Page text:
I look forward to meeting folks around the country and signing your books, but let’s face it, I have to love my pre-order readers more. You’ll feel the love in every cramped signature. Apologies in advance for any chai or Mr. Beans hair that ends up on them.

And yes, there is an audiobook. I’m recording the sucker. “How hard can it be?” I thought when I was asked to do it. Let me just put it this way: it takes me about 5 hours to read 50 pages. The book is over 400 pages. Do the math. I’ve recorded for 5 days and have about 3 more days to go. By the end of every recording day I can barely form words anymore. Some words, words I use all the time, don’t even sound right anymore. After a while I start wondering if anything I’m saying is even coherent. I periodically break into tear when reading hard passages. My intestinal track is one loud beast, a revelation to me, and often competes for the mic in the dead-silent recording booth.

All in all, I feel deeply sorry for the sound editor who has to deal with me saying “sorry”, “thirsty”, “tummy”, “need a tissue” and a host of other things a million times as we trudge through my inability to simply read with expression. Nonetheless they seem hopeful that it will actually get done, so I have hope too. You can order the audiobook on

Adnan’s story isn’t just what’s in the book of course. It’s what is going on right now, this very minute. I must get at least a dozen inquiries a day about the status of his appeal, about if the judge has ruled.

He hasn’t. Yes, it’s been four months or so. Yes it feels like forever and I am really really ready to get that ruling already. But there is no deadline, no time limit, no way to predict when it will happen. I love you people, but please, I can’t keep repeating the same thing over and over on social media. You can bet when the judge rules it will be all over the news, my timeline, Justin Brown’s timeline, and the timeline of anyone associated with the case or Undisclosed, including Saad, Susan, Colin and others. YOU WILL NOT MISS THE NEWS WHEN IT BREAKS, believe this.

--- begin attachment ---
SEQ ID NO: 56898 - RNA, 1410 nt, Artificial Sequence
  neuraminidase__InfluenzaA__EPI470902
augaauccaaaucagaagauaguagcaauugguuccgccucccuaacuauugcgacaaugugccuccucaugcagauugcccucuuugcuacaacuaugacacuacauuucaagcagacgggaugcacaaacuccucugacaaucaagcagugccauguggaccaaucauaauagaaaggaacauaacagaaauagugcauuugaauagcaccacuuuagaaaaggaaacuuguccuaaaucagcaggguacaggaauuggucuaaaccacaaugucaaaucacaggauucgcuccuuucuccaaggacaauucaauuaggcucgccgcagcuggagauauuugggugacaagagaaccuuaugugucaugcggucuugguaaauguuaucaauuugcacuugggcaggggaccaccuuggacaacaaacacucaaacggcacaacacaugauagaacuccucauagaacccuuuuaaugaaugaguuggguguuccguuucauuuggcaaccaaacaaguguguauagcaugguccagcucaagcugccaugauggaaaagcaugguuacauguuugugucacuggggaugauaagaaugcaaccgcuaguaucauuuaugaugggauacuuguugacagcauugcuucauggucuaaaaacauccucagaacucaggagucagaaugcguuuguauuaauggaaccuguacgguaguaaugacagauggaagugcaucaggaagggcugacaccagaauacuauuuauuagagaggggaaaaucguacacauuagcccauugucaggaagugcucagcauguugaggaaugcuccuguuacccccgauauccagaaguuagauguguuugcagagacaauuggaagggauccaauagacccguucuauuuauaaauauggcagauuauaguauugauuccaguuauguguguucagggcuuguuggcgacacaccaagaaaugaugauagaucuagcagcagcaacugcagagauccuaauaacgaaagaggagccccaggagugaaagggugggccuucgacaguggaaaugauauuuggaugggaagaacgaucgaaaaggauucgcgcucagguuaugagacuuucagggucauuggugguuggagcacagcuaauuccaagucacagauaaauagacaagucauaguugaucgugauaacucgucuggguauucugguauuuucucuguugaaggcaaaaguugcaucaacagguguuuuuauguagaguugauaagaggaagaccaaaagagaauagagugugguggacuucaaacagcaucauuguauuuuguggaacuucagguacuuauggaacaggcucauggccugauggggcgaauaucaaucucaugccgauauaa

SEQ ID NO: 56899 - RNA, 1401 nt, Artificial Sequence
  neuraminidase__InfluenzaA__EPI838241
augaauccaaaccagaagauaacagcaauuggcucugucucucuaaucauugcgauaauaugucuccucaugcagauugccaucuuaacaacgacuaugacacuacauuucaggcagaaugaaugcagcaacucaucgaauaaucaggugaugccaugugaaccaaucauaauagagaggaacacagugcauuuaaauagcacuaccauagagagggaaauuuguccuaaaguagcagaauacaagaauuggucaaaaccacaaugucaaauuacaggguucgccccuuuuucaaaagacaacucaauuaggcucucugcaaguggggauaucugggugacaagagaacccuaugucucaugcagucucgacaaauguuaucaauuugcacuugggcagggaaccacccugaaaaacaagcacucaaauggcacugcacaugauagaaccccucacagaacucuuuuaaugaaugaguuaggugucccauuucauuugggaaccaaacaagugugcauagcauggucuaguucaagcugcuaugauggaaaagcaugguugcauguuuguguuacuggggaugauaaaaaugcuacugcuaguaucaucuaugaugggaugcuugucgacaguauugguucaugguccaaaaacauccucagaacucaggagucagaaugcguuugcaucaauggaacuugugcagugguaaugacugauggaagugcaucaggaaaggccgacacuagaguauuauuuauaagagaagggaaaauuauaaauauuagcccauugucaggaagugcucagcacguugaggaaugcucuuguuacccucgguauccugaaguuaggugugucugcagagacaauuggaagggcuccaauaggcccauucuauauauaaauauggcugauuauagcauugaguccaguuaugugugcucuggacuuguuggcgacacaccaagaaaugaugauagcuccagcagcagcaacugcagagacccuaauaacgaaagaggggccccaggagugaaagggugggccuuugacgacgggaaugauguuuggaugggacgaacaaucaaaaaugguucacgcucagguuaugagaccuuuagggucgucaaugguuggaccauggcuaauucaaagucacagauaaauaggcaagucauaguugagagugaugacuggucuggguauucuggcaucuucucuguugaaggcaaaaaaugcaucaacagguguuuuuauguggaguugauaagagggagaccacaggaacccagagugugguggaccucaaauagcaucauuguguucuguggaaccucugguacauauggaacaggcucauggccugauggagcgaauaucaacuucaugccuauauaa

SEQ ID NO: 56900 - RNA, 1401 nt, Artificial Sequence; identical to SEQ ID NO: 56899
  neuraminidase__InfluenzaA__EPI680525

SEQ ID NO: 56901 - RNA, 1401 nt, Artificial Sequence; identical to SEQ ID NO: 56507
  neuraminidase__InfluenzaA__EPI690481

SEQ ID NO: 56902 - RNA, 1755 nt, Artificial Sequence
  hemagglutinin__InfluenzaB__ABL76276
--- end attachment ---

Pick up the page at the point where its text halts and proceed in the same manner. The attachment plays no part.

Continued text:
Lots of people ask if it’s a good or bad thing that Judge Welch is taking so long. It’s neither. He’s taking as long as it takes for him to try and make his judgment iron-clad. It will be his legacy after all, the last ruling of his career, having been brought out of retirement for it. The last thing he wants is to be overruled by the higher court. Whatever he decides, he wants to make sure it will withstand an appeal.

Because it will be appealed. If we lose, we appeal. If the State loses, they appeal. Judge Welch’s decision is very important, but it may be that the final decision will be with the higher court anyway.

It’s hard to be patient, I know. Just remember that Adnan and his family have waited 17 years. We got this.



Have we got a story for you

Have we got a story for you

Season 2 is upon us soon. We will start off a brand new wrongful conviction case, one that will make your head spin, on July 11, 2016. It doesn’t mean we won’t continue to cover Adnan’s case, we will. You know we can’t and won’t ever walk away from it. So anytime there is a development, we’ll update you on it, rest assured.

It’s not just a new case we’re bringing to you, and a new defendant to fight for, we also have some big changes that we’re over the moon about. Actor Jon Cryer has joined the Undisclosed team! I know, we can’t believe it ourselves. You may be wondering how this all came about, but no worries, we’ll soon have an episode explaining all that.

Jon with his book "So That Happened". It's the first and only audiobook I ever heard, a gift from Jon, and it is hilarious, moving, wonderful :)

For now what you should be really excited about is this: every Monday you’ll get your Undisclosed episode with Susan, Colin and I. Every Thursday you’ll get an Addendum episode hosted by Jon. That’s right. Two episodes a week.

And that’s not the last you’ll hear of Undisclosed news. There’s more to come, soon enough. The criminal justice system won’t know what hit em.